If only there was a sign that the current tech IPO market has reached a self-harming level of absurd self-regard...
PetSmart Inc. is taking Chewy.com public at a proposed valuation of around $7 billion after a contentious ownership battle between PetSmart’s creditors and its private equity investors.
An online pet food company going public at a sky-high valuation in the middle of a bubble? What could go wrong?
But, hey, aside from the obvious total lack of knowledge about tech IPO history and the resulting jokes, let's try to assess this Pet.com 2.0 situation based on its own merits in this timeline. After all, this new game has new rules. First off, do we have a messy creation story?
Creditors and PetSmart’s private equity owners, a group led by BC Partners, in September locked horns over a transfer of the booming online business ahead of the IPO.
A portion of the Chewy unit was moved to an unrestricted subsidiary and the other to a parent company, beyond the reach of debt holders. Lenders argued that PetSmart was insolvent at the time of the transfer, and that the move was thus fraudulent.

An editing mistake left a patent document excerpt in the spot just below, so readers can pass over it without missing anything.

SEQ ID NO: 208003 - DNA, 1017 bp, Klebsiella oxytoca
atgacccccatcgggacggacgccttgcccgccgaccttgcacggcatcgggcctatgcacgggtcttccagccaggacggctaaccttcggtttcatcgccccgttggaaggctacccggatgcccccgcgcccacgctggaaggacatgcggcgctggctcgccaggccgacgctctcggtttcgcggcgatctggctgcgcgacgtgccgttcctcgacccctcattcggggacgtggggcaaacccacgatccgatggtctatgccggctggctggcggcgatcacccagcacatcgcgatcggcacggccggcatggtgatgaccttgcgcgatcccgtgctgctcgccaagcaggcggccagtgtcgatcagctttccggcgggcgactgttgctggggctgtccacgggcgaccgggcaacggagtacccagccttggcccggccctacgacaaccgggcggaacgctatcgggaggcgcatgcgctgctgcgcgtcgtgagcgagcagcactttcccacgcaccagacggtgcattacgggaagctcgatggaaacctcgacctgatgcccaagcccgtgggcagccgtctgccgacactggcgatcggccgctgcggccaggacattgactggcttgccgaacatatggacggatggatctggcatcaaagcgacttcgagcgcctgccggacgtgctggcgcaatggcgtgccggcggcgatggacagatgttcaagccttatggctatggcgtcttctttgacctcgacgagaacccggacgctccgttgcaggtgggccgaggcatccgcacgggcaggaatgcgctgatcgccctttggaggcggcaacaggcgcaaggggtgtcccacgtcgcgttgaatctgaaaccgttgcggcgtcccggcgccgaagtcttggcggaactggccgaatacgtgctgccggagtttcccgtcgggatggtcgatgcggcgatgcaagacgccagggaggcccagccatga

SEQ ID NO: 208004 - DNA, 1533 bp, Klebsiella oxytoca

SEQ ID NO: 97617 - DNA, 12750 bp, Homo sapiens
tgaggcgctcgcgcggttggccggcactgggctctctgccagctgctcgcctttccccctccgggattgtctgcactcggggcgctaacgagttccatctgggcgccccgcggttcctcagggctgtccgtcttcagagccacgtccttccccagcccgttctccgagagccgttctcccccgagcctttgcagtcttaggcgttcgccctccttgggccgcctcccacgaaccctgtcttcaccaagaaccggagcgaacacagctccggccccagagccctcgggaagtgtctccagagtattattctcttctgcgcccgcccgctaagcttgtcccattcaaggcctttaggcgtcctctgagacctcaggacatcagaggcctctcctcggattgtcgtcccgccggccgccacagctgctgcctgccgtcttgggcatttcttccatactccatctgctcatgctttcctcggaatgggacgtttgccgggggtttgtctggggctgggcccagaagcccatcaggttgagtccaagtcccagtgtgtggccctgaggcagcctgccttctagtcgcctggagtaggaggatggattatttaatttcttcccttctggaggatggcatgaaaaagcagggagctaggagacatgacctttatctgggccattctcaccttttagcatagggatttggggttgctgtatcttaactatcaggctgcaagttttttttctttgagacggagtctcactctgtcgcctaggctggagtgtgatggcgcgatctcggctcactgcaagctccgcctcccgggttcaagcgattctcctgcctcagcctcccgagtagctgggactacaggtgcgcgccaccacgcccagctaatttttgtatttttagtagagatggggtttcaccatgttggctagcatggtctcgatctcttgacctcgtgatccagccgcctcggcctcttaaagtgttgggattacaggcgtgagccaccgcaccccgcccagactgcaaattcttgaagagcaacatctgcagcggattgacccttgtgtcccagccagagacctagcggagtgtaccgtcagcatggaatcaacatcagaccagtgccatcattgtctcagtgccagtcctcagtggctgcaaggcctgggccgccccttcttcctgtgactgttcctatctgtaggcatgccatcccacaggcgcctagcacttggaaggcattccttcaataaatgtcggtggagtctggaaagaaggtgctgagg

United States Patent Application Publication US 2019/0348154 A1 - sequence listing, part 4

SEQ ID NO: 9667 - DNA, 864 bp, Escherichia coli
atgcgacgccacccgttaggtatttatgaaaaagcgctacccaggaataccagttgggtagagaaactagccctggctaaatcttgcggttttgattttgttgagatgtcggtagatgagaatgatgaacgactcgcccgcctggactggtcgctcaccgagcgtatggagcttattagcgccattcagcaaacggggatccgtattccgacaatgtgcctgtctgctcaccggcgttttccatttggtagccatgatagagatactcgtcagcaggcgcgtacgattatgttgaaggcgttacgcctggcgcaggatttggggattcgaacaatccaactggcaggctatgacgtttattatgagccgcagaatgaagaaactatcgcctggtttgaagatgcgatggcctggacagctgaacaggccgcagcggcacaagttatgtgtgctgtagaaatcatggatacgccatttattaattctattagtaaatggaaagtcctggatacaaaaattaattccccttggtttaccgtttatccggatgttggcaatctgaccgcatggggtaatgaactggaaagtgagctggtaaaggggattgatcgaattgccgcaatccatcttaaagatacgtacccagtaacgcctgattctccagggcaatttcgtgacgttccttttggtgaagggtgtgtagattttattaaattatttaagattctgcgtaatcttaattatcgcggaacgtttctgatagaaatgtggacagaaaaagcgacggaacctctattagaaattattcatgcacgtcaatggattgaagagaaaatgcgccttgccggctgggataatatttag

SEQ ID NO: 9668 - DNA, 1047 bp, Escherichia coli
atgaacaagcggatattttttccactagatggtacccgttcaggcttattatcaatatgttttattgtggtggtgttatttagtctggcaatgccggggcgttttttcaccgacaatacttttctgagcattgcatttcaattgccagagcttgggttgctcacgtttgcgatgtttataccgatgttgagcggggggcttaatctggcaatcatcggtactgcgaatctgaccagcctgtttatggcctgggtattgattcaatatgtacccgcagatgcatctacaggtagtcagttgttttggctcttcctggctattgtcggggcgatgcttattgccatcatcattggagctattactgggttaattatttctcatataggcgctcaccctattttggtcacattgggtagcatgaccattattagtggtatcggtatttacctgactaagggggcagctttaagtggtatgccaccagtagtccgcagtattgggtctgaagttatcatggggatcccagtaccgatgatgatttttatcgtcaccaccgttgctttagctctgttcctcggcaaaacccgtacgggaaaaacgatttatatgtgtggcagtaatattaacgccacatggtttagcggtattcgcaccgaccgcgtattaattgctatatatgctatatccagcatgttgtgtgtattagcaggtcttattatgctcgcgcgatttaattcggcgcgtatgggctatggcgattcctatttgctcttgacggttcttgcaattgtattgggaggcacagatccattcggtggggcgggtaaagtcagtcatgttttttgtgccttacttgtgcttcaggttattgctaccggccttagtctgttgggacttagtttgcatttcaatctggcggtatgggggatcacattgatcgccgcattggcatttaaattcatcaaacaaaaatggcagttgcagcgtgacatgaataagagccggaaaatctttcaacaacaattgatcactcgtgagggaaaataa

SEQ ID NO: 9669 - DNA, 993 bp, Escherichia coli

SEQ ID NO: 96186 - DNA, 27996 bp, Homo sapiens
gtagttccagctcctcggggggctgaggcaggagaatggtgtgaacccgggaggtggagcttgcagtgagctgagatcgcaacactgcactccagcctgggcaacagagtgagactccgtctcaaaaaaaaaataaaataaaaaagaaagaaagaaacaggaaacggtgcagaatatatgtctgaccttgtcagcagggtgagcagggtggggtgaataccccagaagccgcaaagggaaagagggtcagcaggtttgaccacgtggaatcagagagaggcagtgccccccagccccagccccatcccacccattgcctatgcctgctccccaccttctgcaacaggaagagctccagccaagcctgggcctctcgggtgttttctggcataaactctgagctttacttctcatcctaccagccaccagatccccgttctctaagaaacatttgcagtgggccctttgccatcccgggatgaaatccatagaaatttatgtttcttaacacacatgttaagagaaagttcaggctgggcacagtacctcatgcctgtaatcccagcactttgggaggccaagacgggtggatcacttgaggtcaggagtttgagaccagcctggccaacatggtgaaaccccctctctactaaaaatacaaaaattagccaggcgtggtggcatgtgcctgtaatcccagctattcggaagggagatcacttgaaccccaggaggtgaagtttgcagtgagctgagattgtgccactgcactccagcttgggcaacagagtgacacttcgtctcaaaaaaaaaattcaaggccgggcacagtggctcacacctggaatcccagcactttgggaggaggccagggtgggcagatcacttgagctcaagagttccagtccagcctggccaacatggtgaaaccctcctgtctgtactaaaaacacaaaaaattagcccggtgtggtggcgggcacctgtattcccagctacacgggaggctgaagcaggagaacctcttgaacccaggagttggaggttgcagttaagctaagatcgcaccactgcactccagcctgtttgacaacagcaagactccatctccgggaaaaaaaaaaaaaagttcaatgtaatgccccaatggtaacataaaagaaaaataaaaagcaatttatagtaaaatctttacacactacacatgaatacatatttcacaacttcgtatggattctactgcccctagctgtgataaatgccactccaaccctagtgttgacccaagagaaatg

And, dare we ask, does Chewy.com turn a profit?
According to the S-1, Chewy lost $268 million last year. So now we're cooking with gas.
And the valuation? Is it...crazy?
PetSmart last year pegged the value of Chewy at $4.45 billion in private documents shared with investors, according to people with knowledge of those documents. After the IPO, PetSmart expects to obtain a new revolving credit facility with covenants, including requirements that it maintain certain financial ratios.
Nice! Growing sales base is a fun rationale to pump the IPO valuation when everyone knows your dying brick n' mortar parent company is looking to bleed you on the public markets to survive. We LOVE IT!
And, please please please, tell us that these guys are doing the thing with the share structure that makes it impossible for shareholders to make an impact on decision making?...
PetSmart and its related entities own a majority of Chewy’s outstanding common stock and will remain the majority stakeholder after the IPO.
Chewy is listing with a dual class structure that enables company owners to maintain control even after they become public. Holders of Chewy’s B shares, including PetSmart, have 10 votes per share, the filing shows.
We love everything about this. And we fully expect underwriter BofA to naked short it hours before it starts trading.